How to Lose Weight When Depressed
Overeating as well as under-eating is linked to depression. In fact, one of the diagnostic symptoms of depression is a change in eating habits. Since both anorexia and obesity are associated with depression, it isn’t possible to say that reducing depression will necessarily lead to weight gain or loss.
However, even though there is no direct cause and effect that applies to all patients, there is definitely a link. Two studies bear this out. The first, from Obesity Surgery, looked at bariatric surgery and found that those who were more depressed before the surgery lost more weight after the surgery and kept if off for a longer period. The second study, from the Archives of Internal Medicine, showed that losing weight was associated with a sustained lowering of depression scores on a standardized test. Taken together, the message seems to be that the heavier you are the more depressed you are, but the more likely you will succeed in losing weight, keeping it off and the result will be less depression.
The problem, from the patient’s perspective, is fighting depression during the weight loss. The studies mentioned used bariatric surgery to “guarantee” at least an initial, significant weight loss – something which might not be available to everyone wanting to lose weight.
Food as addiction
If food is being used to self-treat depression, e.g., “I feel better when I eat, so I eat when I feel bad,” then it properly falls into the food addiction realm. This isn’t yet an addiction recognized by the medical fraternity as separate from other abnormalities. But there are groups like Overeaters Anonymous who deal with it as an addiction and support groups online that will offer advice.
The great thing about depression when linked to addictive behavior is that when the behavior starts to change, real improvement in the depression can result.
For those wanting to lose weight, the recipe is to, “eat less, move more.” This expresses a mathematical relationship between calories in and calories used up. But when depression is in the mix, exercise becomes one of the most important things you can do. Exercise has been shown to reduce depression, whether or not weight loss is a consideration. That makes mild to moderate exercise, to the level of a brisk walk or better, a critical step.
The trick is to get out there and, like the Nike slogan, “just do it.” When motivation is flagging, blame the depression and keep at it. Exercise will help stabilize eating and sleeping patterns and improve self esteem. Think of it as medicinal and a requirement.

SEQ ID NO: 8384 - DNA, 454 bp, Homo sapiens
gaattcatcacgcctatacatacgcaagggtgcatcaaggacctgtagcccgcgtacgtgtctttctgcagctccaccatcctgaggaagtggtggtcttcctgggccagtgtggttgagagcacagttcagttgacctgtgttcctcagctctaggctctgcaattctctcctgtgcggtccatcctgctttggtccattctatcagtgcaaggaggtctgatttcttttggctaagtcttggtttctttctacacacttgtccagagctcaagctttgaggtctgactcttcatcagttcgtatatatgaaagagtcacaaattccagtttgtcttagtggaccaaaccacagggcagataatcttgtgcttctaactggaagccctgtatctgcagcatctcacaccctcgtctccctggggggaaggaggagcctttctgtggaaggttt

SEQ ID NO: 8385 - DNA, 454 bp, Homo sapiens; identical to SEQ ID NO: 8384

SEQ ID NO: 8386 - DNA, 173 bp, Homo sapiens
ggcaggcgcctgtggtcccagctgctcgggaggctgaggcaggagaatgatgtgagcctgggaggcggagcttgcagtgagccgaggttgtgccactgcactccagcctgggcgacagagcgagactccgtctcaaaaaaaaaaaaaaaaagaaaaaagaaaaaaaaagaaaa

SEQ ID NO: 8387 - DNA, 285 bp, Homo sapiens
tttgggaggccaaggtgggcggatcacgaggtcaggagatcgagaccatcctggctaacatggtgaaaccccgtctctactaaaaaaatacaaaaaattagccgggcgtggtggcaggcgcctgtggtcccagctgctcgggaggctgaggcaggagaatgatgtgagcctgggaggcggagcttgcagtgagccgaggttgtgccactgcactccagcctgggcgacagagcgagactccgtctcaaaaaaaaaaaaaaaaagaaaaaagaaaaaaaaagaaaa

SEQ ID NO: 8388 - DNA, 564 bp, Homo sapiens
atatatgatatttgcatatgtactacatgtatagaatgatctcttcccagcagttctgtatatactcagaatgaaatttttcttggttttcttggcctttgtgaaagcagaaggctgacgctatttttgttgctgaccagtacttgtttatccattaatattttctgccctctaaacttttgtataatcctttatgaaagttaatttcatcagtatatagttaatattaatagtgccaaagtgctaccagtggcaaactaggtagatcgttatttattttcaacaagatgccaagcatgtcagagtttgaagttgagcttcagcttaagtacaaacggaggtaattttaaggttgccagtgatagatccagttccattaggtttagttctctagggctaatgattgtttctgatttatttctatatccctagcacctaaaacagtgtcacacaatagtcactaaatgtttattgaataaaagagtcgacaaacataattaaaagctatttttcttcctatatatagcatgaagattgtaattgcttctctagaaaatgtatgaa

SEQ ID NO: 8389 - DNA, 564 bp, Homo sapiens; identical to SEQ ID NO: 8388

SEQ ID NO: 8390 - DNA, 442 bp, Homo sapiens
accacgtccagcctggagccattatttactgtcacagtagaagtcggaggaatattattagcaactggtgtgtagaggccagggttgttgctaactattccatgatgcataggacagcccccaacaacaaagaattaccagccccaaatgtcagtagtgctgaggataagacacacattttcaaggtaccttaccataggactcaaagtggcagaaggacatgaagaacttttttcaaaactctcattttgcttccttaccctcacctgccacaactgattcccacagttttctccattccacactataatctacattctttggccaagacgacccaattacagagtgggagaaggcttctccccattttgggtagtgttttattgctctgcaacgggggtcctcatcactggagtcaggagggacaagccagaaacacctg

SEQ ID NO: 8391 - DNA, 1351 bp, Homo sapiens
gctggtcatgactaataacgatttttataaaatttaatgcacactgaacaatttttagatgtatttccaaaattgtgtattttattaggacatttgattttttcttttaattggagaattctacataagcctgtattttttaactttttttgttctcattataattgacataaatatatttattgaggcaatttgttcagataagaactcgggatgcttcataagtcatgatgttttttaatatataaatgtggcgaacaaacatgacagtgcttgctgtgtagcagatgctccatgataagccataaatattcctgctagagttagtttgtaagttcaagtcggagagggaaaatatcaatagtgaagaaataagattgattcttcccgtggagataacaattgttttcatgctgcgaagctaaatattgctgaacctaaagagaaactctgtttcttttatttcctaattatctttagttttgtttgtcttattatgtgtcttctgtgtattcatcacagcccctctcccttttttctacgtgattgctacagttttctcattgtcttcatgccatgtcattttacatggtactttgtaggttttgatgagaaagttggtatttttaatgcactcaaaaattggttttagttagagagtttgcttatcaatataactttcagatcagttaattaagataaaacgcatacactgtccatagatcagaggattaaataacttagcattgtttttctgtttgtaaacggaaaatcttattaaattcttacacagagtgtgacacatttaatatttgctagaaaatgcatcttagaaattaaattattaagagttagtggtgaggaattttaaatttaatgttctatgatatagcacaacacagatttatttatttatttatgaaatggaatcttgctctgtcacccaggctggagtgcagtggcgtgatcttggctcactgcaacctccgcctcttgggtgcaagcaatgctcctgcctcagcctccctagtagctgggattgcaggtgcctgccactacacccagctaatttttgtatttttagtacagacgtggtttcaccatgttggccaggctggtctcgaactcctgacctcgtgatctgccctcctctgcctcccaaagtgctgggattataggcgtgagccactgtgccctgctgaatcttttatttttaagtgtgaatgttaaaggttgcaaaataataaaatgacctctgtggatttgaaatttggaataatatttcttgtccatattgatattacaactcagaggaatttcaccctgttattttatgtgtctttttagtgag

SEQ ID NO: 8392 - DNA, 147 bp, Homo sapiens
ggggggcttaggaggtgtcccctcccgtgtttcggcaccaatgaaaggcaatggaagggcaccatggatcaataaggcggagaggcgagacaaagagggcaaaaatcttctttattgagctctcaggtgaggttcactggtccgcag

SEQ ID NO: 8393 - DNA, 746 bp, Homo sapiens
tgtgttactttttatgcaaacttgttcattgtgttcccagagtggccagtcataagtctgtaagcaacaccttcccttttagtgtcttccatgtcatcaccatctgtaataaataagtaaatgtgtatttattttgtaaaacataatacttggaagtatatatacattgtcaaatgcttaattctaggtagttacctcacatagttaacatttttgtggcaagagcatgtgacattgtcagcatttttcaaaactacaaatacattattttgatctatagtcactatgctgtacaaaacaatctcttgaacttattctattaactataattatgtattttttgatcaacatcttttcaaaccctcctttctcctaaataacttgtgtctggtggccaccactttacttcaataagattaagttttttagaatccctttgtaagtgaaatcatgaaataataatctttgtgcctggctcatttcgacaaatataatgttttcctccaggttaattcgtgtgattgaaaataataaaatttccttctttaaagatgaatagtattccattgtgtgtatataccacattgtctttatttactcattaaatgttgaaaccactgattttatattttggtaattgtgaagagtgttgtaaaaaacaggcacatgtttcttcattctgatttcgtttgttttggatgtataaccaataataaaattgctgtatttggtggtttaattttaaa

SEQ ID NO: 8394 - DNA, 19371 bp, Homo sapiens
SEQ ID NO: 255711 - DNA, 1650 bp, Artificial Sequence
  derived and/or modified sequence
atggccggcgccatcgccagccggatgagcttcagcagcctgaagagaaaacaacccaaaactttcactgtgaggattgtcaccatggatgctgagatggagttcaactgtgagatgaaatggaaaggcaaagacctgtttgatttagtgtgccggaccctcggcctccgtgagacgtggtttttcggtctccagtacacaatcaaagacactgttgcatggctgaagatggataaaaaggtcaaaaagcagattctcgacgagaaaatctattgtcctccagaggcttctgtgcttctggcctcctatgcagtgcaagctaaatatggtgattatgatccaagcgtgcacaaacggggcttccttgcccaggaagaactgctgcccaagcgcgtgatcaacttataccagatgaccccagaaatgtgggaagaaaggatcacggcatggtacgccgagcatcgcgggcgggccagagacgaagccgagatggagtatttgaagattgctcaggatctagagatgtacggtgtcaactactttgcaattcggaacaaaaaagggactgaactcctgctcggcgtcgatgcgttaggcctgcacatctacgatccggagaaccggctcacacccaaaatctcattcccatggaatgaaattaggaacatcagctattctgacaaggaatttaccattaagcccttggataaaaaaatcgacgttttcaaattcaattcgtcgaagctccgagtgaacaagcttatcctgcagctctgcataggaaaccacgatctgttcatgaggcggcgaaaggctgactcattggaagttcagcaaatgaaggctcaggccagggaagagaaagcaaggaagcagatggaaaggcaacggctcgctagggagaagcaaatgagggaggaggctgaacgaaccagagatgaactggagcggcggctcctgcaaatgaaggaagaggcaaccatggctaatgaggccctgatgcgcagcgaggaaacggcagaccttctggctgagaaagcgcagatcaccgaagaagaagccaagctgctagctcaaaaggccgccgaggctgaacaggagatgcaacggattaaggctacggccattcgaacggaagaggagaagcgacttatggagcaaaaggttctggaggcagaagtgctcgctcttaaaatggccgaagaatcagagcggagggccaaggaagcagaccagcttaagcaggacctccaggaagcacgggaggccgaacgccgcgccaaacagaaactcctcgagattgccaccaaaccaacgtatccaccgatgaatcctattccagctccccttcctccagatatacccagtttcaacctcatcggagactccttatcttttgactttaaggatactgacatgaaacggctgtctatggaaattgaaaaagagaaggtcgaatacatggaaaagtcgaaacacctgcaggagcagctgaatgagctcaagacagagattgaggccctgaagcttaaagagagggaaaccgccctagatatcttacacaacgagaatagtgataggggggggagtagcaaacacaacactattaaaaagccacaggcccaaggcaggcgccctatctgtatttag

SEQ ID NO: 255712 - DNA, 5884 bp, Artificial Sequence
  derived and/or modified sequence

Anxiety and stress
Since one of the main reasons for anxiety in the obese is their weight, it’s often difficult to reduce these negative emotions that add to depressed feelings. Here is where counseling and a support group can really shine. When we can share our struggle with others, we not only help ourselves, but add our story to theirs and help them in the process as well.
Interestingly, your confidant doesn’t have to be struggling with weight or depression. The important thing is someone who cares about you and is willing to listen without being judgmental. A therapist adds another level of expertise and will have specific suggestions to offer. In some cases, medication that helps reduce feelings of anxiety is beneficial.
It’s interesting that most of us would instantly get a personal trainer to help with weight loss if we had the means, but avoid seeing a professional when it comes to depression. Somehow, we see obesity as a condition that can be improved by taking action, but see depression as a personal flaw we can’t escape. This is, of course, bogus.
Weight loss and weight maintenance can be a lifelong struggle for some. So too, depression can reoccur periodically for a lifetime. But there is real help available. And the great thing is that any step in a positive direction shows us that improvement is possible and makes getting better believable. When professional services are warranted, take advantage of them – treat your condition with the seriousness it deserves.
Losing weight while depressed then becomes a matter of being sensitive to triggers – not only for eating excessively, but for depression. Getting enough rest is important, and exercise is the number one self-help technique for both conditions.
Most weight loss plans have some benefit, but when depression is in the mix, slow and gradual weight loss is better than any quick fix. Failure has a higher price with depression waiting to inflate the feelings of misery and defeat. When you aren’t able to move forward, or attempts at weight loss only make depression symptoms flare up – seek professional help.